For a ‘wheely’ good way to get fit and have fun with the family, take part in one of the many National Bike Week events, writes Susan Welsh
IN THE 1980s, politician Norman Tebbit famously encouraged the unemployed to “get on your bike” and look for work.
Today, his famous quote could be applied to anyone looking to save money, get fit and take up an activity that brings the whole family together.
With petrol prices rising, many have rediscovered the joys of cycling. A new bike can often cost less than a tank of fuel, while others have turned to two wheels in a bid to get fit and healthy.
According to the organisation Cycling Scotland, gentle cycling uses fat as fuel. Using your bicycle to make some journeys, such as riding to work or picking up the paper, will help you to lose weight and shape your body, but getting back on two wheels is also fun.
Cycling has many fans, including Scottish interior design gurus Colin McAllister and Justin Ryan, who have given their bikes a makeover and are encouraging others to do the same and get their bikes out from sheds and garages in preparation for Team Green Britain Bike Week, which runs from this Saturday, June 18, until Sunday, June 26.
Research has shown that a quarter of Scots have unused bikes that are hidden away in sheds and garages and many of these require minor repairs, such as getting punctures fixed, brakes adjusted and gears tuned.
This year’s Bike Week is holding Britain’s biggest bike fix, an ambitious attempt to fix as many bikes as possible during one week.
The opportunity to get your bike fixed is just one of the attractions of Bike Week as there are over 250 events taking place across Scotland.
Ian Aitken, of Cycling Scotland, said: “This Bike Week, we want Scots to rediscover the thrill of riding a bike, and encourage those with an unused bike to get it out of the shed or garage, fix it up and find out how good it feels to cycle as part of their everyday lives.”
Colin said: “’We live between Canada and Scotland and love how our homeland is finally catching up with our north American cousins regarding cycling.
“In Toronto, cycling is easy thanks to bike lanes, picturesque cycle paths and a relaxed attitude from other road users and we’re finding more and more dedicated lanes here, and more cyclists on the road, than ever before.
“Cycling is great as you can explore more, gain fitness and meet more people. In short, you’ll be more travelled, slimmer and have a greater number of friends.
“What’s not to like?”
The aim of the week is to get more people cycling, more often, and the programme has something for everyone in it, from schools and businesses to family activities and events for those who have never cycled before.
If you haven’t ridden for a while, or know little about bike maintenance, take your bike to a local cycle shop where they will give it a general service.
A basic bike check at home includes checking the tyres are pumped up, the brakes, gears and chain are working properly and the handlebars and saddle are at the right height for you.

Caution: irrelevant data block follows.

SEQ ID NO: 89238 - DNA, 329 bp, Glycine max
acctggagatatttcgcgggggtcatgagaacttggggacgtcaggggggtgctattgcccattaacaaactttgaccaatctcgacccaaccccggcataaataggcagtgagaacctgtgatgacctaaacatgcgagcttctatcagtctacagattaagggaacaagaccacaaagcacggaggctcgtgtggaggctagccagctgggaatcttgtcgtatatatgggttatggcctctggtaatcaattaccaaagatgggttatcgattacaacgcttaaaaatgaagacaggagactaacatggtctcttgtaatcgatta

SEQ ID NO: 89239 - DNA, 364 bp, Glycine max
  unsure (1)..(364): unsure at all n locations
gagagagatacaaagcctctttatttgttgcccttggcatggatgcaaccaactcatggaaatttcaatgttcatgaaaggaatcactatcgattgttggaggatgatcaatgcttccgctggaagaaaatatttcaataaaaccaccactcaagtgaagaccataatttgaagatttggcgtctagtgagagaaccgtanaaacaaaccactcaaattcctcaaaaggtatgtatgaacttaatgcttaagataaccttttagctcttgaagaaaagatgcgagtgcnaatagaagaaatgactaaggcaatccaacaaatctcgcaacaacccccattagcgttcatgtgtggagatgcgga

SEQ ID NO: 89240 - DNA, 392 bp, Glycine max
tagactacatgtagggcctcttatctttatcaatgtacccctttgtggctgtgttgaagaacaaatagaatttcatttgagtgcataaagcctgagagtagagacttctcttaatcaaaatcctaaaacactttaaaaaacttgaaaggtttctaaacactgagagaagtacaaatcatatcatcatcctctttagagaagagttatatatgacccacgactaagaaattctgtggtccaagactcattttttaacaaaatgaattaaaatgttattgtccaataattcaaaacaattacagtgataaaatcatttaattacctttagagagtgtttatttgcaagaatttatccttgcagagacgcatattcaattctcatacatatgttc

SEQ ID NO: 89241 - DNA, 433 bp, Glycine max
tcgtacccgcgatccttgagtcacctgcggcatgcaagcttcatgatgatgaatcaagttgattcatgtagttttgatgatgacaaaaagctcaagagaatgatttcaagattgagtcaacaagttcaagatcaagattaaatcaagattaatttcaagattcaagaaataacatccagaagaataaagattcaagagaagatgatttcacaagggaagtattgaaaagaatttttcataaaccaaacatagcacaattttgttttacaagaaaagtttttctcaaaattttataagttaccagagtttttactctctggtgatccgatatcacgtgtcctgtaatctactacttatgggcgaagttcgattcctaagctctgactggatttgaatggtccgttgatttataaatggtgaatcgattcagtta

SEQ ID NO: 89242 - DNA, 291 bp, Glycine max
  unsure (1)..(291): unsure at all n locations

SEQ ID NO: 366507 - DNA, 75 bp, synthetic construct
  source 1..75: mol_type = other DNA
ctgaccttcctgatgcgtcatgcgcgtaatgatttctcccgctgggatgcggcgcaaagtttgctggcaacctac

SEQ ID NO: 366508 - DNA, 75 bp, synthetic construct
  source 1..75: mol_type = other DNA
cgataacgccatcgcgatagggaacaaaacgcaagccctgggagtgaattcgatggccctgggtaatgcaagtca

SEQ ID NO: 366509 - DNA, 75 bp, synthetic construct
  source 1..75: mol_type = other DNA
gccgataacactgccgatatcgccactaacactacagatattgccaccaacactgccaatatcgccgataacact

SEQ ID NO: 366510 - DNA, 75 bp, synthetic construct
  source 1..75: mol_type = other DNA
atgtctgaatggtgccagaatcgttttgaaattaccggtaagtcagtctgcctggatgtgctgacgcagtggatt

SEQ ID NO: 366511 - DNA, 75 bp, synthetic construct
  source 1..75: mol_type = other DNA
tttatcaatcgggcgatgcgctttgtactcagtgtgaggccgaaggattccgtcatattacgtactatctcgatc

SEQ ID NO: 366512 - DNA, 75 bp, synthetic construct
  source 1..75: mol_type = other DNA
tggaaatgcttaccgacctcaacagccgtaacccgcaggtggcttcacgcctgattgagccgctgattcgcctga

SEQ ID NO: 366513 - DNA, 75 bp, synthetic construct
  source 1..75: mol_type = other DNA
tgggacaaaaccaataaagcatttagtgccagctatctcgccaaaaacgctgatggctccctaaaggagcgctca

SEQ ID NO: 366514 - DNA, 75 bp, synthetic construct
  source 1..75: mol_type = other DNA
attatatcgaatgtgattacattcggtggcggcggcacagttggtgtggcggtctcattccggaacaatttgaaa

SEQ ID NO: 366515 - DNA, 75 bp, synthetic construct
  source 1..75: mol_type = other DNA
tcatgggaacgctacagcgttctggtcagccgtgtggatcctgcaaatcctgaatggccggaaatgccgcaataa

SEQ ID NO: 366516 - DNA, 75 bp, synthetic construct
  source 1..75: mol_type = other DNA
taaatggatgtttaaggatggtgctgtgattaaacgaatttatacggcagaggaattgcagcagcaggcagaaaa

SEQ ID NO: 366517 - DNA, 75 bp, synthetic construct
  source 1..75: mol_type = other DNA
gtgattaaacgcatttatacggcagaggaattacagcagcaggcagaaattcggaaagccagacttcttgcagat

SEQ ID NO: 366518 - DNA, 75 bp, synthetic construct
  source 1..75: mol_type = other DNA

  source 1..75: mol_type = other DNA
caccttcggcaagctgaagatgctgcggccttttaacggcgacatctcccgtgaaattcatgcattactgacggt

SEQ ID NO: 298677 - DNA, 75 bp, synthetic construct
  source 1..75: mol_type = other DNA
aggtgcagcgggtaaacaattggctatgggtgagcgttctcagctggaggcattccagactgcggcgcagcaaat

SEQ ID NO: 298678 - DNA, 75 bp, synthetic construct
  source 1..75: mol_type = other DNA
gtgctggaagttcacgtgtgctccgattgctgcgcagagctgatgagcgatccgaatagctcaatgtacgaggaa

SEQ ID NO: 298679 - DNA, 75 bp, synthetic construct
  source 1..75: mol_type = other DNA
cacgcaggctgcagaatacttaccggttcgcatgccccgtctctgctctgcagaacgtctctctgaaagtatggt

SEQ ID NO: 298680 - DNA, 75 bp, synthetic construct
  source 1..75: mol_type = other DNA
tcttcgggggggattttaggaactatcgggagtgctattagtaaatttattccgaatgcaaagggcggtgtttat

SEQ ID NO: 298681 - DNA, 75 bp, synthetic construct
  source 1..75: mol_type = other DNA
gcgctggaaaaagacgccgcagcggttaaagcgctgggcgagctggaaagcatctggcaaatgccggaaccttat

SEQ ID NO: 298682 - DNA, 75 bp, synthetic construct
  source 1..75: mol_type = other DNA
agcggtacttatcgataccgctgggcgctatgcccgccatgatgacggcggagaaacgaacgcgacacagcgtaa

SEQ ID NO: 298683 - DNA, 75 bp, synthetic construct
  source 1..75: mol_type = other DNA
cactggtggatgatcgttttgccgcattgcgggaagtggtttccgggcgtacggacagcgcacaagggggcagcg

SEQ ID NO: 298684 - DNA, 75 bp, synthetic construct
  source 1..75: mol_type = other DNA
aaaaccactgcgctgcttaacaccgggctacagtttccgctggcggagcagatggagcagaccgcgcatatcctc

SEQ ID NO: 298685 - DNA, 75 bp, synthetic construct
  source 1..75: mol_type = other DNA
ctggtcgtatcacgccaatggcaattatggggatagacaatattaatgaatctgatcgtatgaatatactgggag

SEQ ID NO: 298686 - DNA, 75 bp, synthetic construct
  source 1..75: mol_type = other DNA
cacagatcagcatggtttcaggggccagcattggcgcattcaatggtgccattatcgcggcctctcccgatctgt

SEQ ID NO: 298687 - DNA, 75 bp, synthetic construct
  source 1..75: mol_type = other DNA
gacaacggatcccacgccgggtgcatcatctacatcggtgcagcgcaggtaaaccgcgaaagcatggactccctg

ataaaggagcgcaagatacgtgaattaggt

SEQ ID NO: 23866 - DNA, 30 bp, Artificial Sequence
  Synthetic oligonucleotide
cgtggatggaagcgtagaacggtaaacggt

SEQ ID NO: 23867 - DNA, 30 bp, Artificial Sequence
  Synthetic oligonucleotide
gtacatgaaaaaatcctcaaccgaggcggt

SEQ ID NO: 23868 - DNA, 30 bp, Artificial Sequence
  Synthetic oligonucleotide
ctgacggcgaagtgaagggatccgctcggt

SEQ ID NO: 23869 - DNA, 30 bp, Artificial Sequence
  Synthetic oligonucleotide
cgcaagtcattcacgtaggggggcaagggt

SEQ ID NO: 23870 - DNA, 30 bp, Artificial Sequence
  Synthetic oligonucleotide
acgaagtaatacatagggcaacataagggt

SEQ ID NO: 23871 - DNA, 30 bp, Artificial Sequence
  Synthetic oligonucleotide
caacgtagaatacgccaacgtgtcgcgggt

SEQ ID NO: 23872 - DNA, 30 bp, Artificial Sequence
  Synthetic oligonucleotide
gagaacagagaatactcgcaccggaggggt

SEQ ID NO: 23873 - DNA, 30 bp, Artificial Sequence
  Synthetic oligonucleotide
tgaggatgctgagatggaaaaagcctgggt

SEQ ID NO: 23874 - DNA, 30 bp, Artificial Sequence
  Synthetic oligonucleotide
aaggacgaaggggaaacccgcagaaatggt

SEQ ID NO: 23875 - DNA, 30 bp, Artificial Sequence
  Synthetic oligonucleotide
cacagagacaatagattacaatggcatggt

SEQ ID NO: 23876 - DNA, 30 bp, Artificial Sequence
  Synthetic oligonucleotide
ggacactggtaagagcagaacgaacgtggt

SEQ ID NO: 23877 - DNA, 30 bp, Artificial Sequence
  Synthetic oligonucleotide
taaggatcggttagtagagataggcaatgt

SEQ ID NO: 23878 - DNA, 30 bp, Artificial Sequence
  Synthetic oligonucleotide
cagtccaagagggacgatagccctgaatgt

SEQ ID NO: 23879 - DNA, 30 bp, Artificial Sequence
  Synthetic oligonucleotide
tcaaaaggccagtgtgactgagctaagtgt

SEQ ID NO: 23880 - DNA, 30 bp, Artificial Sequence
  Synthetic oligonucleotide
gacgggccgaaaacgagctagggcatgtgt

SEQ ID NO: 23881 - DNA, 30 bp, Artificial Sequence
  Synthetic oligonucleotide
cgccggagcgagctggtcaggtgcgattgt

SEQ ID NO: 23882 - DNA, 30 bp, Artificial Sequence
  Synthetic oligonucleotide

Throughout the week, many local cycling groups are running organised rides while free cycle safety check events will take place at a variety of places.
These include free family cycle rides along the Caledonian Canal pathway, starting from the Tomnahurich bridge in Inverness and heading for the Dochgarroch lock gates before crossing and coming back on the other side.
These take place at 6pm on June 21, 10am on June 22, 2pm on June 24 and 10am on June 25. Call 01463 712530 for further details.
Dr Bike free safety cycle checks will be held at Lifescan, Raigmore, Inverness, at noon on June 21 and 22. Call 01463 712530, and at 9am on June 18 at Rothan, 9 Howmore, South Uist, Tel: 01870 620283.
On Wednesday, June 22, at 9am, those who enjoy cycling to work can tuck into a free breakfast, and meet fellow-cycling enthusiasts, by riding along to Great Glen House, the SNH building on Leachkin Road in Inverness.
Events taking place in Aberdeen include a two-hour workshop for families at which they can learn basic bike maintenance, cycling skills for on and off road, games, road safety and a family-paced bike ride.
Suitable for children from the primary one to seven age group, accompanied by an adult, it takes place at Hazlehead Park at 6pm on June 22, meeting outside the park’s cafe. Call 07939 139926 for further details.
A similar event takes place at Kellands Park, Inverurie, meeting next to the old tuck shop, on June 20, starting at 6pm. Call 07939 139926 for more information.
Easy-paced cycle rides, aimed at beginners and those who haven’t cycled for a while, will take place in Aberdeen on June 19, at Seaton Park, starting at 10am, and in the Duthie Park, meeting near the pond at 10am, on June 26. The contact number for both is 01224 734799.
In Elgin, a bike roadshow will take place on the Plainstones, on June 24, from 10am. Events here include fix-it bike sessions, bike tryouts, bike-powered smoothie making, competitions and bike sound systems. For further details call 01343 562516.
On Sunday, June 26, the Moray Great Bike Ride pedals off from Elgin’s Cooper Park at 12.30pm on Sunday, June 26.
The annual bike ride sees people taking part in satellite towns and villages including Cullen, Portknockie, Findochty, Portessie, Buckie, Portgordon, Duffus and Hopeman, as well as the main ride in Elgin.
This year, those participating will raise money for the North East Sensory Service which provides services to more than 2,500 people in the Grampian area with severe visual impairment and/or deaf or hearing impairment.
Anyone interested in supporting this event should please contact Graham Stewart on 01343 554 146.
For more information or to find an event near you, visit www.bikeweek.org.uk.
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